Key messages themes and storylines:
The key messages for students visiting Churchill Island encompass the special qualities and unique nature of Churchill Island:
- Geological history including basalt rock and tuff (volcanic ash)
- Bunurong stories including the Moonah tree creation story
- Early explorers including Bass and Grant
- European occupation including the Pickersgill, Rogers and Amess families
- what life was once like for young people
- Heritage farming
- Churchill Island’s protection including the rabbit and weed invasion
- Land Management
- Sustainable practices
The Heritage Farm Ranger Talk utilises personal interpretation amongst the sculptures, buildings, monuments, and the ancient Moonah trees of the island. Students are able to interact with Rangers face to face and undertake activities such as butter churning, milking the cow and old time games. Our group ratio of one ranger with 25 students ensures a personal experience for the students. Rangers have a wealth of knowledge about Churchill Island and excellent communication skills, with the ability to cater for groups with special needs.
The Heritage Farm Ranger Talk has been designed especially for Churchill Island. Rangers incorporate the 500 year old Moonah tree forest, the historic homestead, farm yards and garden from the 1860s. Utilisation of these aspects of Churchill Island is suited to Primary School aged students as they are able to see, touch and experience everything Churchill Island has to offer while having fun!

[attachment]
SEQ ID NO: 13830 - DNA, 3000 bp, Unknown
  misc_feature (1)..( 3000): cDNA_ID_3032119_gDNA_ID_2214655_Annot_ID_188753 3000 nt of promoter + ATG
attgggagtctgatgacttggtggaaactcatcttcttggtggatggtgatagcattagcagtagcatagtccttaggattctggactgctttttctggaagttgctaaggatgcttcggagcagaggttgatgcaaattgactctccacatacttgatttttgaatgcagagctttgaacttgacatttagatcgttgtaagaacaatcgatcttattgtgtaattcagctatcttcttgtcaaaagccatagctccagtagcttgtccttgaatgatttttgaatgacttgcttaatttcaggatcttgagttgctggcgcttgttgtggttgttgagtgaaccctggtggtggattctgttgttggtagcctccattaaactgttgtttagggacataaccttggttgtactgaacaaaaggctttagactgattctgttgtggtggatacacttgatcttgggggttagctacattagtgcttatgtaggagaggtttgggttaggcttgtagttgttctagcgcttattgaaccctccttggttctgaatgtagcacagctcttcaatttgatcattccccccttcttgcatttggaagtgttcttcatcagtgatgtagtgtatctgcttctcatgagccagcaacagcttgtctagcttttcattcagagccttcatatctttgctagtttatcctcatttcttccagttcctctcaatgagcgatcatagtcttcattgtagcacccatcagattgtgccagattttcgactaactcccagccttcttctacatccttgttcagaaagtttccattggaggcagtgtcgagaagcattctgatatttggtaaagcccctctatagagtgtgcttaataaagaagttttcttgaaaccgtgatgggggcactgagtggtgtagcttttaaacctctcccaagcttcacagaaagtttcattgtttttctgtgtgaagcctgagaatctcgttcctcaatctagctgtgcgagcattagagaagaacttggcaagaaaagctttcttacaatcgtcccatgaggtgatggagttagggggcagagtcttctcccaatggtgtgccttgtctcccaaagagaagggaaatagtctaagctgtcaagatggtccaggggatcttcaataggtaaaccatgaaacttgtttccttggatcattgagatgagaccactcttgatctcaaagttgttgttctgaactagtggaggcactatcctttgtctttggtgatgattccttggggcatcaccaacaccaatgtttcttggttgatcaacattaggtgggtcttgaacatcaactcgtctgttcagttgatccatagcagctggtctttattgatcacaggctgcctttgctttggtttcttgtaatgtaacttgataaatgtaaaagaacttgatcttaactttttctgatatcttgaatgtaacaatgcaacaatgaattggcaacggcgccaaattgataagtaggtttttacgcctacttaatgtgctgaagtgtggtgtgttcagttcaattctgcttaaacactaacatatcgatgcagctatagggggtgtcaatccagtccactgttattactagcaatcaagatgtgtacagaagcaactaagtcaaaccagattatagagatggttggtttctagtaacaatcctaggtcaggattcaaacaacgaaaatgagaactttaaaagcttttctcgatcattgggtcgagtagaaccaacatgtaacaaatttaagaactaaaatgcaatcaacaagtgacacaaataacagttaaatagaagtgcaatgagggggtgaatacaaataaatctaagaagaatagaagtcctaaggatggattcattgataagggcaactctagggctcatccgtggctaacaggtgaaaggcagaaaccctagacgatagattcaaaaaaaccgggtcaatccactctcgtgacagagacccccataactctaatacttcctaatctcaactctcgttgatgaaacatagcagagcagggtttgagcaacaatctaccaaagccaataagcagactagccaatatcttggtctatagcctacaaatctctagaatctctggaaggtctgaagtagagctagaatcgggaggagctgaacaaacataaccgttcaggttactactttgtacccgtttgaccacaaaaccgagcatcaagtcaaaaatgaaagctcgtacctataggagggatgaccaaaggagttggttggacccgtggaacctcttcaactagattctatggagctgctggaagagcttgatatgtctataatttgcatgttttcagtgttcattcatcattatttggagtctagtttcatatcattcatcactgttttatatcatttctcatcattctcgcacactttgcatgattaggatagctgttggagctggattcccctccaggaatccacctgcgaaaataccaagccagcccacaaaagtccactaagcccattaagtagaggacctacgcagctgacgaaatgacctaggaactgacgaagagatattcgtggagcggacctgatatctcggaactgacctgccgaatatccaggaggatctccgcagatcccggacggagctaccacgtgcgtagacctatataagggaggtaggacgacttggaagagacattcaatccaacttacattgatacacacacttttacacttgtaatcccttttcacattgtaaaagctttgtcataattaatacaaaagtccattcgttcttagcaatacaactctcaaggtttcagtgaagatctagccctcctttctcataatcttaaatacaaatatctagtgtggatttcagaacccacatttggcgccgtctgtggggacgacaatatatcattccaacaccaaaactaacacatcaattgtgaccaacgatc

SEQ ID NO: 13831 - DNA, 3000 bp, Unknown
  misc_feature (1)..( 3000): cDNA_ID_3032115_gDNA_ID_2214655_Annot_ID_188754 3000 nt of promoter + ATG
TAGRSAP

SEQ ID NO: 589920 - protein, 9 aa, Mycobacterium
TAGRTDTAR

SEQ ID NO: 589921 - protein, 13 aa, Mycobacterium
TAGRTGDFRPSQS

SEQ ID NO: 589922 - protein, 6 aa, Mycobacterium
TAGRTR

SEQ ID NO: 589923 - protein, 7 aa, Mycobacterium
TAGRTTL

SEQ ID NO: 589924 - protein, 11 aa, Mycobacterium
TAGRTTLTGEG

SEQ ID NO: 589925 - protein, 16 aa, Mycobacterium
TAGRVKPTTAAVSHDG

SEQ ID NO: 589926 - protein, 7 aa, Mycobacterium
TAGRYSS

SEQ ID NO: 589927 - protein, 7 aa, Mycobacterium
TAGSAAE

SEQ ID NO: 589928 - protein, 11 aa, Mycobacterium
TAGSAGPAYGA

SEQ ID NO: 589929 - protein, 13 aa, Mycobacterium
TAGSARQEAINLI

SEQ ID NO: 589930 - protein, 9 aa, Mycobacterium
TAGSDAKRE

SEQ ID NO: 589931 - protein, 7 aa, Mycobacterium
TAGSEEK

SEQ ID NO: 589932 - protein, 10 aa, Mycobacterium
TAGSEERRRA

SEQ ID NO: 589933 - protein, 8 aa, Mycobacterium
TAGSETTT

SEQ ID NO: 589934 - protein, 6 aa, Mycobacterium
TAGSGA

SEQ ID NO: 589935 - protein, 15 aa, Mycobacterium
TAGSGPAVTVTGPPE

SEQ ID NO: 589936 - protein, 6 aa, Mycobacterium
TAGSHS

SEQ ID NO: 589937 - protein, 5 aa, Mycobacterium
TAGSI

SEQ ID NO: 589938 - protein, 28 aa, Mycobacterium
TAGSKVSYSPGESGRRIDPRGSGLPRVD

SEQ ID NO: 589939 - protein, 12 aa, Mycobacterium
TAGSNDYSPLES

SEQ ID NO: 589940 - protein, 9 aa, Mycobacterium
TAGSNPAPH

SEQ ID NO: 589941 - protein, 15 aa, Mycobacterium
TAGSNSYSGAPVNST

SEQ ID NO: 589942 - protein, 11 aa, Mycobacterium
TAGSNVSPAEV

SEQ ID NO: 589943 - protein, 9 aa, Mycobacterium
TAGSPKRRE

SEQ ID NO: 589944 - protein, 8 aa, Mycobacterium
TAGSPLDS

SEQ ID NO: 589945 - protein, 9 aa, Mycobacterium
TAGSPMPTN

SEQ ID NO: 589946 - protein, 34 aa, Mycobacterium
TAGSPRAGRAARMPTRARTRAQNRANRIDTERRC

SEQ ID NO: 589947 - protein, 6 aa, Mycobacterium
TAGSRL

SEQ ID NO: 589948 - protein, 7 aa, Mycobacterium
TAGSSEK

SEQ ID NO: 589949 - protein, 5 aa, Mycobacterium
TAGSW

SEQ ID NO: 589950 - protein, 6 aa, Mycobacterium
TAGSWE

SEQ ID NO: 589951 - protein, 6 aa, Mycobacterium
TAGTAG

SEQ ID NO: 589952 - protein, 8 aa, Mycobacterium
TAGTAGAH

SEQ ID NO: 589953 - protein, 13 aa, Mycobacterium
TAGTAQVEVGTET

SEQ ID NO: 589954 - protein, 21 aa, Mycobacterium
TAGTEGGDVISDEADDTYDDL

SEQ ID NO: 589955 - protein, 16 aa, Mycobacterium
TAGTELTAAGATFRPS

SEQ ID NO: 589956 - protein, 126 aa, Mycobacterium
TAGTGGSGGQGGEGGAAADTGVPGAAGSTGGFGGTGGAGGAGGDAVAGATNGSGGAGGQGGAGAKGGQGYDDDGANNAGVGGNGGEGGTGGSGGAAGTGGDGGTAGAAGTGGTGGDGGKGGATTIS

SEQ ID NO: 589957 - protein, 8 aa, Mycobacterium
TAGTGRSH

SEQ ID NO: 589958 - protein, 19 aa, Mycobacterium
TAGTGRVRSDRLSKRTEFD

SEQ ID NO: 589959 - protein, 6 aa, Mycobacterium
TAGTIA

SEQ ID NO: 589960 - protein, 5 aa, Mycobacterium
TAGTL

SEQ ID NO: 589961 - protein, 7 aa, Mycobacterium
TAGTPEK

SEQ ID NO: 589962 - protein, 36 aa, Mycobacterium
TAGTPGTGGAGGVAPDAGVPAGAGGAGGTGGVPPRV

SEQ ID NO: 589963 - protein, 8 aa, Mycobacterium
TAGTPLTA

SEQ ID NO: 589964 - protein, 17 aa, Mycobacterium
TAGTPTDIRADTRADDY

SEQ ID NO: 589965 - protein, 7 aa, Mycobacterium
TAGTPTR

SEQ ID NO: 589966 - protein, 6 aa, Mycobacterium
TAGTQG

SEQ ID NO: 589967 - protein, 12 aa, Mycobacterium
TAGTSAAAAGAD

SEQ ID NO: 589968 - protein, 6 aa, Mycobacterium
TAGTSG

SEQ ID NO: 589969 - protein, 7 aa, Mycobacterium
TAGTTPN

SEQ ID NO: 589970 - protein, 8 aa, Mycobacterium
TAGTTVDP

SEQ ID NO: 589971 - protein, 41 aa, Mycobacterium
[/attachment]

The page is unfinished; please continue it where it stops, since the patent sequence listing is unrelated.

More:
Initially Rangers experienced some problems with temperature regulation in 150 year old ‘Rogers Cottage’ oven, however, these problem were overcome through team work and persistence.
The northern portion of Churchill Island has been fenced off from rabbits in order to protect the 500 year old Moonah forest. As a result, Rangers must insure that students are respectful of this area and always stay on the walking tracks provided. The homesteads, machinery and animals are all part of Churchill Island environment and must be shown respect. Students are asked to walk not run through the historic precinct and take all litter with them. The Churchill Island Marine National Park is situated on the west side of Churchill Island and therefore actions that take place on Churchill Island such as littering and soil erosion from an increase in foot traffic impact upon the marine environment.
Audiences and method of engagement:
The Heritage Farm Ranger Talk presents a story of the past, present and future through a combination of stories and experiences. Students learn about geology through being able to look at the different rock types on the shores of Churchill Island. They experience the dreamtime by using their imaginations to make the story of the Moonah tree come alive. Students are immersed in the European heritage of the Island through listening to tales of the homesteads, making scones in the 1860s oven and undertaking role plays of the chores children in the 1950s -70s would have undertaken. Rangers who undertake the Heritage Farm activities are passionate about the environment, ensuring an effective and memorable experience for the students.